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Managing Your Condition

The best way to manage incontinence depends on the severity of your symptoms, the type of incontinence you have, as well as your personal preference. Dr Sara Kayat reveals her tips for managing the condition.

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Speak to your doctor

The first step to managing incontinence is to speak to your doctor. There’s no need to feel embarrassed or worried. Incontinence is common, and your GP will have treated others with the condition.

Your doctor will talk through your symptoms, examine you, and determine whether there are any underlying medical causes for your incontinence.

It is also important to have an open dialogue with your GP about how you are managing your incontinence. There are many incontinence myths, such as reducing your water intake, which can actually make your symptoms worse.

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Lifestyle changes

Many find lifestyle changes, such as an improved diet, can significantly reduce the symptoms of urinary incontinence.

Incontinence is exacerbated by alcohol and caffeine, which irritate the bladder, so reducing these triggers may lessen the severity of your symptoms. It’s also worth testing the effects of other potential irritants, such as spicy foods, dairy and fruit juice, to see if reducing these helps as well.

Research also shows for those who are overweight, weight loss can reduce pressure on the bladder and pelvic floor, and so reduce the symptoms of incontinence.

Exercising

It is important to recognise the role the pelvic floor has in maintaining bladder control. In addition to simple pelvic exercises you can do at home, you can talk to your doctor about referral to a specialist who can use muscle training and electrical stimulation to help strengthen your pelvic floor.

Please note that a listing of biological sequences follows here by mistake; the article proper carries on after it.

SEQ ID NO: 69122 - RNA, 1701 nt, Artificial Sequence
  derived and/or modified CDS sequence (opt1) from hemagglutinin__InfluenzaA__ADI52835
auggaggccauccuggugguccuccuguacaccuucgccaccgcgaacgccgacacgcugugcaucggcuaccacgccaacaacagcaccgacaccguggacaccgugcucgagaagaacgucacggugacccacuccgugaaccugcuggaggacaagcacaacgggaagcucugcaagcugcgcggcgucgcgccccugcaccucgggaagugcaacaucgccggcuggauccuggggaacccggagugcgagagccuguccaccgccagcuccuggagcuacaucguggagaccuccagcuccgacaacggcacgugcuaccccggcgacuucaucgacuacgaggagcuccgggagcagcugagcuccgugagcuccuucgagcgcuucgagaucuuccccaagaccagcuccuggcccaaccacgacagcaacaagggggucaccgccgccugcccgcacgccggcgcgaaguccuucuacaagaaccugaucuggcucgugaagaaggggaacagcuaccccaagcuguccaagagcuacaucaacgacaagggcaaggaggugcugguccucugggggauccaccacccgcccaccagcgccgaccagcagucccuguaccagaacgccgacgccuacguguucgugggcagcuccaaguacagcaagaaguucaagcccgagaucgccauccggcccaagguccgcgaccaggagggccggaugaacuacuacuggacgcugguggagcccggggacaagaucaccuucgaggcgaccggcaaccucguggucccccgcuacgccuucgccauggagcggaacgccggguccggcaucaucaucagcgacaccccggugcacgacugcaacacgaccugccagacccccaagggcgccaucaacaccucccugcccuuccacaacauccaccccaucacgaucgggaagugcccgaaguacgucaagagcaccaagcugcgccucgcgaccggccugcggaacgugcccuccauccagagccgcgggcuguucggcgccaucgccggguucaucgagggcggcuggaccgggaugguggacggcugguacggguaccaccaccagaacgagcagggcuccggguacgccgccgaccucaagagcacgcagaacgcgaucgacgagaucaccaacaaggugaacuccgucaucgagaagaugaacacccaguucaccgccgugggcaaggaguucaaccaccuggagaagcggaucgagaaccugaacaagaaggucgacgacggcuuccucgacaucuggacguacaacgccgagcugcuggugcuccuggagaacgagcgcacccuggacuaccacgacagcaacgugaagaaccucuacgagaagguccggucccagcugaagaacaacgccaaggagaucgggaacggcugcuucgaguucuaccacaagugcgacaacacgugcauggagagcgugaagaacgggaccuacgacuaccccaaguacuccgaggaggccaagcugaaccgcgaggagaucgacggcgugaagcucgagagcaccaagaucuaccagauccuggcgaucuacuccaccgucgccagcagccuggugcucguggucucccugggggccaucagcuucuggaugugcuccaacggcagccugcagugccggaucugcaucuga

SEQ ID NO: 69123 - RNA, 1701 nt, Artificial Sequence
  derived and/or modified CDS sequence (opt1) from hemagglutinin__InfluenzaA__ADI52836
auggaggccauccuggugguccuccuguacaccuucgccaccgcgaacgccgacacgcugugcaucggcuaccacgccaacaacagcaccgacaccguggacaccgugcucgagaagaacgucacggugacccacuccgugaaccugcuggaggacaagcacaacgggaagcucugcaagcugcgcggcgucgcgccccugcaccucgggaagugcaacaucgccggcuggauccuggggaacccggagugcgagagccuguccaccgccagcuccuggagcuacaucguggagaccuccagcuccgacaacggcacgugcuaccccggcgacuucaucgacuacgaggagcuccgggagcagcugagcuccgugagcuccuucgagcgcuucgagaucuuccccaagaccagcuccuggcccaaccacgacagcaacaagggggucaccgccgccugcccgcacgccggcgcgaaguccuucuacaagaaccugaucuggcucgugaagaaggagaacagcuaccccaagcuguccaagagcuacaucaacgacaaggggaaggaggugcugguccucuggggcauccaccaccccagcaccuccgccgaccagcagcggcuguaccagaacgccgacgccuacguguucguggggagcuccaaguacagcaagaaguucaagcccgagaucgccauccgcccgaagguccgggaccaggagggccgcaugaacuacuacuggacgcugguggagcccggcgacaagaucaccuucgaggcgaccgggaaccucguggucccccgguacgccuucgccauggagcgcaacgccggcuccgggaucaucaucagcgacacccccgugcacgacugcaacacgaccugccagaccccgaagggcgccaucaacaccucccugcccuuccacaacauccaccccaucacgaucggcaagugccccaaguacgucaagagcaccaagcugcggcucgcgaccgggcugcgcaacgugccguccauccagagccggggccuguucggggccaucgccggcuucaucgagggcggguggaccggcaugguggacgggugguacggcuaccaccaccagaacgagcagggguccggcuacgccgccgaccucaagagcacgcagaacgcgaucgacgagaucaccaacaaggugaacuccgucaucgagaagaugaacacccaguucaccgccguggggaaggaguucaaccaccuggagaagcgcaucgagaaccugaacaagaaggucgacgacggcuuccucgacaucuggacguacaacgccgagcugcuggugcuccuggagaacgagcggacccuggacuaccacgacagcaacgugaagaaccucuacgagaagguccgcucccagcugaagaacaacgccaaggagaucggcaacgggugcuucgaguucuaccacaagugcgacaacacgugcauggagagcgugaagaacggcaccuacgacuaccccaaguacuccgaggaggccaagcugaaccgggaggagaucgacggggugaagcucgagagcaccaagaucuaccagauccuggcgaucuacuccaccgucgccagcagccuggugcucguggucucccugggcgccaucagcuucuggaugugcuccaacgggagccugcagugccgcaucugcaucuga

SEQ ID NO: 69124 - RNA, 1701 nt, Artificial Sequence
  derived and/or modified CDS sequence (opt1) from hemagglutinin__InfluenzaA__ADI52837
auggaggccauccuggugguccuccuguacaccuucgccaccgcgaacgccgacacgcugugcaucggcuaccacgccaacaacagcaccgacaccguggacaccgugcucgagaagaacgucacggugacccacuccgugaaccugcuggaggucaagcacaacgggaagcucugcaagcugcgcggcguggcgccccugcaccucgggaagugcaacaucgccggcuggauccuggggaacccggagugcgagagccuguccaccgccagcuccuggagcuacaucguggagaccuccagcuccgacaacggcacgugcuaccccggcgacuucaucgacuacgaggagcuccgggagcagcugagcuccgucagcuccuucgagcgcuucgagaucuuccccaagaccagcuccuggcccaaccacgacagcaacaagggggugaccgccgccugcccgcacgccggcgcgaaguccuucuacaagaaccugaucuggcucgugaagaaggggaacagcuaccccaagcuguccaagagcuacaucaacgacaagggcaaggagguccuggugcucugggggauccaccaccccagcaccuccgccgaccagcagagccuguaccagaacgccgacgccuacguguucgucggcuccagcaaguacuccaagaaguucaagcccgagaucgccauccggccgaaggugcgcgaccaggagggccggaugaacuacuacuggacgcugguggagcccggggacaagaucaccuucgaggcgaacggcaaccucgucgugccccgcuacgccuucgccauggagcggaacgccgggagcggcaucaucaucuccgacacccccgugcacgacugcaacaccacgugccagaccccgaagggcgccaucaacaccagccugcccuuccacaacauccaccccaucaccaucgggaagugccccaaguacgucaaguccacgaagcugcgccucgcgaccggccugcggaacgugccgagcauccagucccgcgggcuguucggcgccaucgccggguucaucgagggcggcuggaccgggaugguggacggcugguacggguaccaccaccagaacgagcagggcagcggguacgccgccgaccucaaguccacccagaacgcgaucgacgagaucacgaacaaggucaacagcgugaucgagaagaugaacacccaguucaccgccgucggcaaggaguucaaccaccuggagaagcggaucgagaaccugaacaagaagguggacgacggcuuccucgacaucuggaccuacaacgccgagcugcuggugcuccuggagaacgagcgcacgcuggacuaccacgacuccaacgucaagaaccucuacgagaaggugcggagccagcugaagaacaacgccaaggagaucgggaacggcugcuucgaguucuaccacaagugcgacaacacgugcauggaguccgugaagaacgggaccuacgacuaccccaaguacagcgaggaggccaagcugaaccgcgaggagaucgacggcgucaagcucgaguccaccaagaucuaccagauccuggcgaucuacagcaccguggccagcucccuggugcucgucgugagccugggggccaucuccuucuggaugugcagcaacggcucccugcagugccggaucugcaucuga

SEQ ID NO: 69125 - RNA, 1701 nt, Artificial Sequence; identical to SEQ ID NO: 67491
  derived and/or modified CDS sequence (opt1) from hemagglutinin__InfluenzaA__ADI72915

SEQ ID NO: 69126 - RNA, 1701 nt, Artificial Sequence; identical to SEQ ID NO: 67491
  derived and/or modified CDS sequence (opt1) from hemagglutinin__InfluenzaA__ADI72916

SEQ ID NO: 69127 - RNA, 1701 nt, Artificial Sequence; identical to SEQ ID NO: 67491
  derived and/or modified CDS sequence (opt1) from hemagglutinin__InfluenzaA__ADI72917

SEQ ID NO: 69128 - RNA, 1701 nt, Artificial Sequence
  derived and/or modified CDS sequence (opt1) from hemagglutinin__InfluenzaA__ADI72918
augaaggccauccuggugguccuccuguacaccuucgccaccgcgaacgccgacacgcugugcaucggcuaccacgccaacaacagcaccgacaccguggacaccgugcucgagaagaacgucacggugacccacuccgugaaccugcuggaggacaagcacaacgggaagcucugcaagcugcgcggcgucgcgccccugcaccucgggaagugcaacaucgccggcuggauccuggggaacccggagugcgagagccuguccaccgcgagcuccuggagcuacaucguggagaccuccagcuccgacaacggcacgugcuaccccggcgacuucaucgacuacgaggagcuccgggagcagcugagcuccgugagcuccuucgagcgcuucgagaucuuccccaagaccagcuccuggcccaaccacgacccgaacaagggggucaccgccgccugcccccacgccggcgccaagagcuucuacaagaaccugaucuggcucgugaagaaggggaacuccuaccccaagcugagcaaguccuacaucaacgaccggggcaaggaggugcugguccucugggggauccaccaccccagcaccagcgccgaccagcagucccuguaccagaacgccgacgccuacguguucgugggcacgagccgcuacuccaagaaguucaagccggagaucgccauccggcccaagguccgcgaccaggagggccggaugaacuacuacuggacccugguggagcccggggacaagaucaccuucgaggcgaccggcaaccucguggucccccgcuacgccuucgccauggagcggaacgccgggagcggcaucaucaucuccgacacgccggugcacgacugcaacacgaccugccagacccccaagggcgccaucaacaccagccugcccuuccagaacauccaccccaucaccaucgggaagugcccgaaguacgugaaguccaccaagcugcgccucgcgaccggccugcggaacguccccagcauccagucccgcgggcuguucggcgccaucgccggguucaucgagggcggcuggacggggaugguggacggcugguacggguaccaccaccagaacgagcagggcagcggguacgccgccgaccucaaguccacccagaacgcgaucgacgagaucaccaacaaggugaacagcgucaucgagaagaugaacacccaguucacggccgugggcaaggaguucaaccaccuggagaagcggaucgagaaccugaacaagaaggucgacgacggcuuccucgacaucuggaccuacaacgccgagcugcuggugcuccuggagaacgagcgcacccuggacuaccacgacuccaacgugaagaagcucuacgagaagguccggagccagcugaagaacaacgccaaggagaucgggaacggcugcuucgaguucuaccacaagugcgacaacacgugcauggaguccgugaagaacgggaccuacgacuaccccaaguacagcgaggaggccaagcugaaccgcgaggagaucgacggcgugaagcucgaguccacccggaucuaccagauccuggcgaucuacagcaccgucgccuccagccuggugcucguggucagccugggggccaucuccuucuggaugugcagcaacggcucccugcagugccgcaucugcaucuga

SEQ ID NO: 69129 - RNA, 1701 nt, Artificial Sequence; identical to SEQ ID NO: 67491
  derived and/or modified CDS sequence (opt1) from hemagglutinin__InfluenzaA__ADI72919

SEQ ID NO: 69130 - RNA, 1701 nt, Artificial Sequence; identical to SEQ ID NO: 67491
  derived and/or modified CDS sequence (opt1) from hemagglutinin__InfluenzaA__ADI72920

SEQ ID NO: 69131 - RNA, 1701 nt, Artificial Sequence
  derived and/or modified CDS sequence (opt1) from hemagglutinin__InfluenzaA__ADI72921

Your routine shouldn’t just be limited to Kegel exercises, however. Zumba, Yoga, Pilates and Tai Chi are all good ways to strengthen abdominal and pelvic floor muscles. These activities are also enjoyable and sociable, and will contribute to a healthy body and mind – ideal for managing your condition and maintaining your self-confidence.

Medication & surgery

For some people with incontinence, medication and/or surgery may be required. Your doctor will talk to you about incontinence treatments and determine which is best for your needs. In the meantime, this does not mean you have to stop living your life. Products including Depend Active-Fit will help manage your condition whilst you are investigating your options and seeking a long-term treatment.

Staying in control

In addition to the tips above, here a few other ways you can manage incontinence and ensure you’re prepared:

  • Carry a spare incontinence product in your bag or case
  • Keep plastic bags to hand for easy and discrete disposal
  • Pack spare underwear when you’re out of the house, just in case
  • Set a schedule to change your product regularly
  • Locate toilets ahead of time when visiting somewhere new

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